Luke’s account of the crucifixion isn’t a text that we might expect hear on a Sunday before Thanksgiving, especially when the Christmas shopping cycle has already begun in earnest. Spending time contemplating Good Friday doesn’t seem appropriate. Indeed, the Colossian letter seems more appropriate than does this one. And yet, this is the text for the day. Like the other two texts, however, it speaks to the question of kingship and kingdoms. But, the way in which this passage wrestles with the reign of God reminds us that God’s ways may be different from ours. Jeremiah envisioned a righteous and just ruler, a Messiah who would gather the people and save them. The passage raises the question – what kind of King will this Messiah of God be? The answer is found on the cross. Jesus is crucified at a place called the Skull, situated between two criminals. There are a number of onlookers. Some are gawkers, the kind that are attracted to spectacles, and public executions have always seemed to fill that need for entertainment. Others who have gathered are the religious leaders, who come to scoff and remind him that his path to messiahship has taken a rather wrong turn. Instead of glory, it is death and humiliation. So, if you thought you could save others, why not try to save yourself – that is, if you’re the Messiah. Finally, there are the soldiers, and they too join in the derision. So, they say, this is the “King of the Jews”? Not all that impressive is he, can’t even save himself! Yes, here he is the one who would be king, and all that we can say for him, is that he will die a failure in his task. Therefore, in the spirit of mockery they place above his head, a sign that reads “King of the Jews.” Such is the fate of Pretenders to the Throne!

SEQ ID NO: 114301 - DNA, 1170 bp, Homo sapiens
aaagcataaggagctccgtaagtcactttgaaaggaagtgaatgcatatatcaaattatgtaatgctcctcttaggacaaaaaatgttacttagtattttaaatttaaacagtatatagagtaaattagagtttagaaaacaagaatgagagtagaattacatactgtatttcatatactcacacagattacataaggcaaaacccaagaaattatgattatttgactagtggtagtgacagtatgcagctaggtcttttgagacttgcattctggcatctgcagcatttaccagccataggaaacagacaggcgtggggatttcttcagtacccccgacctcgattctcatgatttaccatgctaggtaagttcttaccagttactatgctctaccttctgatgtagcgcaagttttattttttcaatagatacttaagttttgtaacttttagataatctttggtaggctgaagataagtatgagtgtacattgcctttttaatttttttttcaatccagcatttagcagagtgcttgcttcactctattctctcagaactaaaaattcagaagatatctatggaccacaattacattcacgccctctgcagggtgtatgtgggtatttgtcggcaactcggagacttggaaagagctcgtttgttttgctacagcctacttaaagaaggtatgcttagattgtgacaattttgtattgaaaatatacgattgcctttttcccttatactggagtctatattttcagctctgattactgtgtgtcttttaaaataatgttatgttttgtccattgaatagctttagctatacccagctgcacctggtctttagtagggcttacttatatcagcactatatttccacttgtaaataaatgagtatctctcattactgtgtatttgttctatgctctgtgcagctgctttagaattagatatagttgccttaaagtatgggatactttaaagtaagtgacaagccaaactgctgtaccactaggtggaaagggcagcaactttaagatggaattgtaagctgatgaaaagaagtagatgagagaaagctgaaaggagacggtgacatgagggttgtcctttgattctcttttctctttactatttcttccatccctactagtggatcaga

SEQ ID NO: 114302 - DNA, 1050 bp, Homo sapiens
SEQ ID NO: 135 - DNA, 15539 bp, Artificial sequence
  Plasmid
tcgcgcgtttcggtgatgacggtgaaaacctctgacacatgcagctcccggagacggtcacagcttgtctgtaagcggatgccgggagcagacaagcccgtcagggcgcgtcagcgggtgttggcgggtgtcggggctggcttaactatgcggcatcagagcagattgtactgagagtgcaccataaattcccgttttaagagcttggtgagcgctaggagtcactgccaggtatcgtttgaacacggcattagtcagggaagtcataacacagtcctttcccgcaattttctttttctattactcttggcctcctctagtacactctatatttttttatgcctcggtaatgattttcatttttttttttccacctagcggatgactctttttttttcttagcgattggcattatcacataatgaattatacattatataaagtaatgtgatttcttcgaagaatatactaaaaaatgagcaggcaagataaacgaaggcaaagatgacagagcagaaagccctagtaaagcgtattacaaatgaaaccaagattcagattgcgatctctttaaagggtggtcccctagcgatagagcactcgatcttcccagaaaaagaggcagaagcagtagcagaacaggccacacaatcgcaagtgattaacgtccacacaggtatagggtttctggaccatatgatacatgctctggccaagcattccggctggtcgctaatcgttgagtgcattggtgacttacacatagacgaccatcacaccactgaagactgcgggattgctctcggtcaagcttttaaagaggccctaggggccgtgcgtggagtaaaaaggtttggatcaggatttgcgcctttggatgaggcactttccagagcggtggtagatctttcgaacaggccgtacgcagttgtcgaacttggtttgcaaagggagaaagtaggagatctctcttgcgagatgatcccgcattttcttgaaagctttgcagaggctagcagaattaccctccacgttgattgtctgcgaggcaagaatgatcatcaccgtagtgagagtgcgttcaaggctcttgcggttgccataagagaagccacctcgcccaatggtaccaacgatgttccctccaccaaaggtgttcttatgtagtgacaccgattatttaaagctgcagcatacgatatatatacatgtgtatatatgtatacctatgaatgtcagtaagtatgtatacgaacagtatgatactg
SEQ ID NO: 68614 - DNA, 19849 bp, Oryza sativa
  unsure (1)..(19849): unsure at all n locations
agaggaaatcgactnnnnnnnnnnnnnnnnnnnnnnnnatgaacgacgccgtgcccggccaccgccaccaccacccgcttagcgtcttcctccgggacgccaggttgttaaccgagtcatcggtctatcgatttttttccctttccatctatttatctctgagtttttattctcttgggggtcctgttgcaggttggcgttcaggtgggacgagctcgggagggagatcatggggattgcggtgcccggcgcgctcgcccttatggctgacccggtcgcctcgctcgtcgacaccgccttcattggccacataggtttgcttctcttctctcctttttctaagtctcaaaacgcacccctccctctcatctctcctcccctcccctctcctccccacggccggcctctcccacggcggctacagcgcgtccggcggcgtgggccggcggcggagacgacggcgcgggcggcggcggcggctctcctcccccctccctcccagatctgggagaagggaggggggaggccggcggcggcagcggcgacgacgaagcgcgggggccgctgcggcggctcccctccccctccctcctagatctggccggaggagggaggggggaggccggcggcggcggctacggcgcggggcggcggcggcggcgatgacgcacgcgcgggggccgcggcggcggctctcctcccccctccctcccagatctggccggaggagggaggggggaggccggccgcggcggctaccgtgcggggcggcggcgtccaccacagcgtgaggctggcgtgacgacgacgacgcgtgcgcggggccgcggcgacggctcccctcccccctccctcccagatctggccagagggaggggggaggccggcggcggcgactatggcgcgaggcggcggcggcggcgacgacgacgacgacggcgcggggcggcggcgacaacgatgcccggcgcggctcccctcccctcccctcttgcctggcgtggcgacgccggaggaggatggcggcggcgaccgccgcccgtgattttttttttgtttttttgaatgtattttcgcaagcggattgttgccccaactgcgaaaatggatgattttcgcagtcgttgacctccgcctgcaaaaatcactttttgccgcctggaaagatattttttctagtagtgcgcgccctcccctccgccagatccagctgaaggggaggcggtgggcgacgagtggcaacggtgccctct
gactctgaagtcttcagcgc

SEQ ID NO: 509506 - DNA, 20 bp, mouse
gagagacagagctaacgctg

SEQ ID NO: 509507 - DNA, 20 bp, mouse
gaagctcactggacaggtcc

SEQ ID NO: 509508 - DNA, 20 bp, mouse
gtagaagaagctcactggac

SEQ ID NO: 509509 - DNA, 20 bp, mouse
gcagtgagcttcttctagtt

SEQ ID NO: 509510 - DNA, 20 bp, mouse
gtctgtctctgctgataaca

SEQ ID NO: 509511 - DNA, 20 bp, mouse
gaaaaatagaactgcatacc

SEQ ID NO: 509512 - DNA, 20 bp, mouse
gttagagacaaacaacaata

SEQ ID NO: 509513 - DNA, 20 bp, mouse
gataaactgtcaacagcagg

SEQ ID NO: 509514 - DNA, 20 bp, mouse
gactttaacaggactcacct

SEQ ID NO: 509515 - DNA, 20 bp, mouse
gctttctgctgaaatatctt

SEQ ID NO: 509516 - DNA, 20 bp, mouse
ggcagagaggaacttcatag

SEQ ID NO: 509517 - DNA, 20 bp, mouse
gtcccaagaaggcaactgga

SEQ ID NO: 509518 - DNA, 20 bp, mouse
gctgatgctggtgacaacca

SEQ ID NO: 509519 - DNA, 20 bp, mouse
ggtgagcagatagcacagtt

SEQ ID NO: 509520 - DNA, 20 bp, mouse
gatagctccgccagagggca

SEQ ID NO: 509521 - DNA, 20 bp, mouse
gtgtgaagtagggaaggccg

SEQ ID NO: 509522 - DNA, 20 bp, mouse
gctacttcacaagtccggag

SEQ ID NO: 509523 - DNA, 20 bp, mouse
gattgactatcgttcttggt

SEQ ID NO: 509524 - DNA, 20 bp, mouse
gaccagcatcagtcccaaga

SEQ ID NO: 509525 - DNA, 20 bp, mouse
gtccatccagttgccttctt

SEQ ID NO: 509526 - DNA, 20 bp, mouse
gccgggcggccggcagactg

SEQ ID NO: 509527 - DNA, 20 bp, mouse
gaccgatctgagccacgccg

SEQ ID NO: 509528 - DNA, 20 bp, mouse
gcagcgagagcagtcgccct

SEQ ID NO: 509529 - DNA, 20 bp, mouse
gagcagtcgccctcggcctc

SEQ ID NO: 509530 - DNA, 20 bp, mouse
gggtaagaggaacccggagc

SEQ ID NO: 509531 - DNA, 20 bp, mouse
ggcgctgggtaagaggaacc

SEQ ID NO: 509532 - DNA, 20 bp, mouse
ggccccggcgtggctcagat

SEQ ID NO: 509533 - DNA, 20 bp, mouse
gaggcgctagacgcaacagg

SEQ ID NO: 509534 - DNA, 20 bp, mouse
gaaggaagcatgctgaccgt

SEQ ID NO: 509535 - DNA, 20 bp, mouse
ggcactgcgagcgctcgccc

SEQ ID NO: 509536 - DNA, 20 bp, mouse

I forgot to mention that there are two other characters in this story – men hanging to the left and the right of Jesus. One joins in the mockery, and why not? A bit of gallows humor might seem appropriate, would be a suitable distraction from the agony of crucifixion. That is one voice from the hill called the Skull. There is another voice, which comes from the other condemned criminal, and this voice first scolds the other victim of Rome’s “justice system,” admitting some guilt, but also insisting that Jesus did not deserve his fate. We could debate the reasons why Jesus may have gone to the cross, but that would miss the point of the hour. This man, experiencing the same agony as Jesus, offers a different assessment, declaring Jesus to be innocent. He offers God’s judgment upon Jesus, and then turns to Jesus and asks to be remembered in the Kingdom. Here from the lips of a condemned man comes Luke’s enthronement psalm. And Jesus responds: “Today you will be with me in paradise.” Yes, you will enjoy the blessings of God’s reign, for your understand the truth. You understand that the kingdom of God differs from human kingdoms, which are built upon terror, fear, coercion, and injustice.
As we gather this Sunday, may we consider the true nature of God’s reign. It’s not a democracy, which can easily turn into the tyranny of the majority. Nor is it the tyranny of the one. Instead, it is a commitment to justice and righteousness – and the one who reigns will be called “the Lord is our Righteousness.”
Reposted from [D]mergent